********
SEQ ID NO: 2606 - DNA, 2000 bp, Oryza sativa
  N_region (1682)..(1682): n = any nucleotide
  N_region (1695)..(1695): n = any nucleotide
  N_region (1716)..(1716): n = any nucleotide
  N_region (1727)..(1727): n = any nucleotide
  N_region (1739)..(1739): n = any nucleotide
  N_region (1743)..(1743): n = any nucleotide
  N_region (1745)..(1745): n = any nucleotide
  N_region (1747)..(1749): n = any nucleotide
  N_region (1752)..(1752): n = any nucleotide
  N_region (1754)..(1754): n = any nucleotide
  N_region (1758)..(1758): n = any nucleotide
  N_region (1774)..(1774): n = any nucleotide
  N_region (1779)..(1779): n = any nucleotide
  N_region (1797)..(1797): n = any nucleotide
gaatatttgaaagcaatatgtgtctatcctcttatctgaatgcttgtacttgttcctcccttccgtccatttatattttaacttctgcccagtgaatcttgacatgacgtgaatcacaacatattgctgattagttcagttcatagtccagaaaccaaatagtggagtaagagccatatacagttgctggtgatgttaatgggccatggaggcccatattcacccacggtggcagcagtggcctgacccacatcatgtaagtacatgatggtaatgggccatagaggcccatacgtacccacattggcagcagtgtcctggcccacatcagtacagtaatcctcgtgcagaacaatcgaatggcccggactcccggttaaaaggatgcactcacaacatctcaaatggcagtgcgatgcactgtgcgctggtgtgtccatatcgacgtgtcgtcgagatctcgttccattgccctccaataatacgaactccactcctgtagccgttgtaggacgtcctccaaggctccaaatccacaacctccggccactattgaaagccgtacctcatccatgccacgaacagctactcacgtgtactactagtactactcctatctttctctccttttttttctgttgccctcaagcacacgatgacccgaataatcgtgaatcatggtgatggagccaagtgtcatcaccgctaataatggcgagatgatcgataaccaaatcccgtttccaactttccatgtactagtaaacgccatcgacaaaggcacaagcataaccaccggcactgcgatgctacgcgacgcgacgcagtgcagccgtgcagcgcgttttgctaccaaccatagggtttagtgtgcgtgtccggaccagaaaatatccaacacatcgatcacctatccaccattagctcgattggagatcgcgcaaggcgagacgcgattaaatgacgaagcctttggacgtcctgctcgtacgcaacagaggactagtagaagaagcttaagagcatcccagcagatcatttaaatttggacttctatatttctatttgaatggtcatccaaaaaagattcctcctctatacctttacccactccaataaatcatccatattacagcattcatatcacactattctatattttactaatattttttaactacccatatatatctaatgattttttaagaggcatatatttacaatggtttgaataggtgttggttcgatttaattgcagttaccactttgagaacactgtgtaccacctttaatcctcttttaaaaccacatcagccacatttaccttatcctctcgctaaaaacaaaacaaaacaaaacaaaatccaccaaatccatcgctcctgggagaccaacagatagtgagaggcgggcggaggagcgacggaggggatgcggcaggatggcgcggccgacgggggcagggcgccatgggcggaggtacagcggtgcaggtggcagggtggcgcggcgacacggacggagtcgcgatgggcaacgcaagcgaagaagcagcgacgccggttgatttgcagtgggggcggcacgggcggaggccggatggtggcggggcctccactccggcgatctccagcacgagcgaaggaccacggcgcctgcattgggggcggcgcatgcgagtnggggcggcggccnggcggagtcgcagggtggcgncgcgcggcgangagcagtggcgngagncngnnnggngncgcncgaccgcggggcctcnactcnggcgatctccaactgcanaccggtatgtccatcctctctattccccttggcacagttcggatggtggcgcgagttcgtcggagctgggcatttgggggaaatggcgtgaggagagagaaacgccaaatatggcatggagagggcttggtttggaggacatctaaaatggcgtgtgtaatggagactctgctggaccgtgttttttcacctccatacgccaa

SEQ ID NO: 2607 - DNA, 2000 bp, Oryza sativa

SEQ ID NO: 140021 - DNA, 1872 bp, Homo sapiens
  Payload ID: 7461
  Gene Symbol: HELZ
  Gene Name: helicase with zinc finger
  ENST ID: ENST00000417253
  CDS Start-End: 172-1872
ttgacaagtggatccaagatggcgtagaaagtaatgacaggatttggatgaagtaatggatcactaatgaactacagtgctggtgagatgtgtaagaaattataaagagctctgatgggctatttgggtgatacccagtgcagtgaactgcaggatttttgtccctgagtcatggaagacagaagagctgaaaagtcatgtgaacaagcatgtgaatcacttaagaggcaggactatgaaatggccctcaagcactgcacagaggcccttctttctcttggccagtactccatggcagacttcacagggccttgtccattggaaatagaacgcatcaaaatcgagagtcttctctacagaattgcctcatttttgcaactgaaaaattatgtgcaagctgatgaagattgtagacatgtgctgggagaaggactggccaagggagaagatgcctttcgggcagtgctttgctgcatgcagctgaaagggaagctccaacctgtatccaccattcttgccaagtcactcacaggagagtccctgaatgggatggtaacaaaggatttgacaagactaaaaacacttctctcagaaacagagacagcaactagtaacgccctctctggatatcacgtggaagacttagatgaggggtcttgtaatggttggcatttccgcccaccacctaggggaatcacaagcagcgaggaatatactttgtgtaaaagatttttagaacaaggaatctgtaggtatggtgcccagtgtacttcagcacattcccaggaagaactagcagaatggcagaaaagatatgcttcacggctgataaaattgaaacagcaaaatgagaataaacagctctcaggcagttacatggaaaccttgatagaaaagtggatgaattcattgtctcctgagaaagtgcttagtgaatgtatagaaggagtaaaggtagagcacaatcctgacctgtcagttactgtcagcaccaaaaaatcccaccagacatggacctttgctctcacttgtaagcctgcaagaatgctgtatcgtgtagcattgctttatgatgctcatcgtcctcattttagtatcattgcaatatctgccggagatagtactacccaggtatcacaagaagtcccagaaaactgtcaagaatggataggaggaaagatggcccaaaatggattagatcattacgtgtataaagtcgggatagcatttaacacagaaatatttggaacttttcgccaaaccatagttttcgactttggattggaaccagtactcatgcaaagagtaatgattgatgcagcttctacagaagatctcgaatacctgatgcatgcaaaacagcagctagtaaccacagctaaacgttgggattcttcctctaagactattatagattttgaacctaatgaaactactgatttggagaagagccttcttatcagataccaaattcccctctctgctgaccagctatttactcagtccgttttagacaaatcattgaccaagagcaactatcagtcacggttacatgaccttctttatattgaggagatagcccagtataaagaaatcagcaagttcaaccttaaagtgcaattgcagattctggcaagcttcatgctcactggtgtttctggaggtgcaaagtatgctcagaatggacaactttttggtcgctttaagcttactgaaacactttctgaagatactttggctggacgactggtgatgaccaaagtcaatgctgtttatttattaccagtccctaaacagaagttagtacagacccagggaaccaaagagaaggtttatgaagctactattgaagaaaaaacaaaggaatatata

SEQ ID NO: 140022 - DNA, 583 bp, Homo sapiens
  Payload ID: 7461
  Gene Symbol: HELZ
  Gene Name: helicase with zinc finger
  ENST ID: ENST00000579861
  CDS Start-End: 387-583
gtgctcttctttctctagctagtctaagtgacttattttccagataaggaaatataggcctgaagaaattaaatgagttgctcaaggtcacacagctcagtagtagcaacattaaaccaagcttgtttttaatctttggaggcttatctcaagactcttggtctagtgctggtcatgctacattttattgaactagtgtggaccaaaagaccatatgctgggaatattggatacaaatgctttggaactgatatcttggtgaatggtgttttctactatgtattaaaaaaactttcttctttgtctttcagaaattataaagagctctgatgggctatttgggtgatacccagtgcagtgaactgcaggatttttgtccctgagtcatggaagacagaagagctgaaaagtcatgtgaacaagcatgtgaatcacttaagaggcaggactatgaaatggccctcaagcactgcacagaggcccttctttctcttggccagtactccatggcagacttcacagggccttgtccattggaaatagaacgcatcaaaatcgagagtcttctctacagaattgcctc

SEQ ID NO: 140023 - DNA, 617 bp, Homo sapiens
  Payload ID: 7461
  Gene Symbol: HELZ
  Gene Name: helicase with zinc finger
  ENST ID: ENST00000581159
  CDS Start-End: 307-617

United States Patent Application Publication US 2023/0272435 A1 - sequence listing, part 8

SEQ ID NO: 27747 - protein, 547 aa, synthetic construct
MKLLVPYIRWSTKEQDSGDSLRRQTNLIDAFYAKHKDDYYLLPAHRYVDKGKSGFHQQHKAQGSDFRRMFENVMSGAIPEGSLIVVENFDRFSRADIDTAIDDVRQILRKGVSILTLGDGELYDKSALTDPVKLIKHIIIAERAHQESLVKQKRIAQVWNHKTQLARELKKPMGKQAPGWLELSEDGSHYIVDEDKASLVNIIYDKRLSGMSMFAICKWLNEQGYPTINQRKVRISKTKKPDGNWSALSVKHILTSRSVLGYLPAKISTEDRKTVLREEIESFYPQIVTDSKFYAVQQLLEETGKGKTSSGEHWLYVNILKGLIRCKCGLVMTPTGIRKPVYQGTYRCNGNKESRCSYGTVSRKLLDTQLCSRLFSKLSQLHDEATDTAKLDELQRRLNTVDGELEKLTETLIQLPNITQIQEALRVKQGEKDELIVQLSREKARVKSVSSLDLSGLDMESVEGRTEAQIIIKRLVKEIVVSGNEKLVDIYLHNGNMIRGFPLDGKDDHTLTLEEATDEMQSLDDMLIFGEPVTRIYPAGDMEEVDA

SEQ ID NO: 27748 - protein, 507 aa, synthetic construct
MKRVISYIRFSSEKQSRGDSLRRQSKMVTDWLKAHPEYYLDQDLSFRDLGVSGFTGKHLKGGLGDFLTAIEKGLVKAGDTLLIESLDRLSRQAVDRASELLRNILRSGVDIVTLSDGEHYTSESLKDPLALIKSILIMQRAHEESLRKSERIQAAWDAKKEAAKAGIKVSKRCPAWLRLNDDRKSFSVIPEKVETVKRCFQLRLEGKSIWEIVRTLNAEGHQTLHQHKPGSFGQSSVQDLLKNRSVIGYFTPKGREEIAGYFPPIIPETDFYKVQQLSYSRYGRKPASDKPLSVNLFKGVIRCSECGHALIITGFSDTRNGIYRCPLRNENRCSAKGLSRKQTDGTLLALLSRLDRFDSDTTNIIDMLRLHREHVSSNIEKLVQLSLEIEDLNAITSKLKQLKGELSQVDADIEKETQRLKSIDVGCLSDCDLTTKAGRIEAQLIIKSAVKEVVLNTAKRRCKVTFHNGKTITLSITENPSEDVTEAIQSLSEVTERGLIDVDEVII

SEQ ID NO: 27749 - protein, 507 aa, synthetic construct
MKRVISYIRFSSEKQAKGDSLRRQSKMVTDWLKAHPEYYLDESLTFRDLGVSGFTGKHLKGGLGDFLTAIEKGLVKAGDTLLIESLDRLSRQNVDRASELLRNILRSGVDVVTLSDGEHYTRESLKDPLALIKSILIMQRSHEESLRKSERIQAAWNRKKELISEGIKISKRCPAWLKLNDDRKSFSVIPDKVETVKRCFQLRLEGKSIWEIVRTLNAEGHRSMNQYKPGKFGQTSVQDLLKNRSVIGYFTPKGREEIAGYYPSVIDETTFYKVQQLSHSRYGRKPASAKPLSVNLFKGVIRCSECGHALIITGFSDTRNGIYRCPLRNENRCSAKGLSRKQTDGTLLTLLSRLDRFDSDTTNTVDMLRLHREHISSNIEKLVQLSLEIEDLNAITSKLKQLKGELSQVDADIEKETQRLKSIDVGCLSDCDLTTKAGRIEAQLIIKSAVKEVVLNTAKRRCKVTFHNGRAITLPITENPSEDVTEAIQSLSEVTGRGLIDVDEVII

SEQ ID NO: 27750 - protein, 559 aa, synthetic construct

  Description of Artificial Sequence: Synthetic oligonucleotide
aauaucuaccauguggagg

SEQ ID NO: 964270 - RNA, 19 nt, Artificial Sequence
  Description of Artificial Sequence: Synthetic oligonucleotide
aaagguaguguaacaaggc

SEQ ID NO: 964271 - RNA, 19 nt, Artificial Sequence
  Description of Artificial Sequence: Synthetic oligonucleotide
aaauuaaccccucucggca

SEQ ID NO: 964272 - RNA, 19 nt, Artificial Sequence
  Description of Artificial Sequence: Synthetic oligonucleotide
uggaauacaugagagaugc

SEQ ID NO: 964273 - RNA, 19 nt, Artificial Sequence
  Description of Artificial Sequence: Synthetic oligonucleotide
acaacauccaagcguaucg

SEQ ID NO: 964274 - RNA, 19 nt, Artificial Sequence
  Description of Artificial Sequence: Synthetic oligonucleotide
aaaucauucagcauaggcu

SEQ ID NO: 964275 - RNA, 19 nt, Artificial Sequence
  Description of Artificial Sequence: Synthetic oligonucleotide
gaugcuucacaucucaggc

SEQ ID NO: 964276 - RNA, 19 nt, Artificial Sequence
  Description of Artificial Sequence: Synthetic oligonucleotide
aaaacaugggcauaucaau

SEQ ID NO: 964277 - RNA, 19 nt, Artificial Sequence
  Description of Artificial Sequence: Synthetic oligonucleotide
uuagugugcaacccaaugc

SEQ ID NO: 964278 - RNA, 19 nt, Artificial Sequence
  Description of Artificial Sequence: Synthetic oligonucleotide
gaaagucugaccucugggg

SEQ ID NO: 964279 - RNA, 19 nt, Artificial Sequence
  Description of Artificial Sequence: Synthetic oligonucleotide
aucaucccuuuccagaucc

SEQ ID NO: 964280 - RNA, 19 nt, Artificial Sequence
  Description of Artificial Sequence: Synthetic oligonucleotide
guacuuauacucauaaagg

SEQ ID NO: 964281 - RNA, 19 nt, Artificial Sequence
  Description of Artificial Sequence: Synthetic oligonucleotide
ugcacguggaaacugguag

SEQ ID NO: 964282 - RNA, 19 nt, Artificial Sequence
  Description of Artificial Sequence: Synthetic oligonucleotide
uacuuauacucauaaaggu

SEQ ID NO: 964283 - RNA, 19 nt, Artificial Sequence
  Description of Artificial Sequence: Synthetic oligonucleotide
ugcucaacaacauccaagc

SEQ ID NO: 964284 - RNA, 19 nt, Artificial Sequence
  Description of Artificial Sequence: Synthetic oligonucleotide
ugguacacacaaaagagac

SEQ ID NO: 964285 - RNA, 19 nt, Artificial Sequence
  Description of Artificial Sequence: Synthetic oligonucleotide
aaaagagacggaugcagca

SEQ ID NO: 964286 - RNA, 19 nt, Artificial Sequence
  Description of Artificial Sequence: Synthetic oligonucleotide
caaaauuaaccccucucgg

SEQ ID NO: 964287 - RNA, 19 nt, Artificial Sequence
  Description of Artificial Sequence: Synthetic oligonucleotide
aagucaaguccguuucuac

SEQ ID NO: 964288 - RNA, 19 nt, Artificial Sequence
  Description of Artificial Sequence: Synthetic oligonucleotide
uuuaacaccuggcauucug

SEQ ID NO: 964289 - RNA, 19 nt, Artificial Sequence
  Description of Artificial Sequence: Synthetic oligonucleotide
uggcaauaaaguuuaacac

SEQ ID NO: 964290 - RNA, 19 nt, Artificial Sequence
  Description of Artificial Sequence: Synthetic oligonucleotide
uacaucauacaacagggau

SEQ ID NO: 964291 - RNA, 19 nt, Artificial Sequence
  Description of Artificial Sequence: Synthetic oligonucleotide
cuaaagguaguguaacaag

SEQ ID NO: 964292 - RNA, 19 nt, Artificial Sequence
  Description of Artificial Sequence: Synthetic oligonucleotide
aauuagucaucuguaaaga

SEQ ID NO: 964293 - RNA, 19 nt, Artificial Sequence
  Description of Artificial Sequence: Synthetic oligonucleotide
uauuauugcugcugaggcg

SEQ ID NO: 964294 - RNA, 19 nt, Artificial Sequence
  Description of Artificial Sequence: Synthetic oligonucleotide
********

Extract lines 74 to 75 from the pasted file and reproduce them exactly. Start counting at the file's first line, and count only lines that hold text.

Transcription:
gaaagucugaccucugggg

SEQ ID NO: 964279 - RNA, 19 nt, Artificial Sequence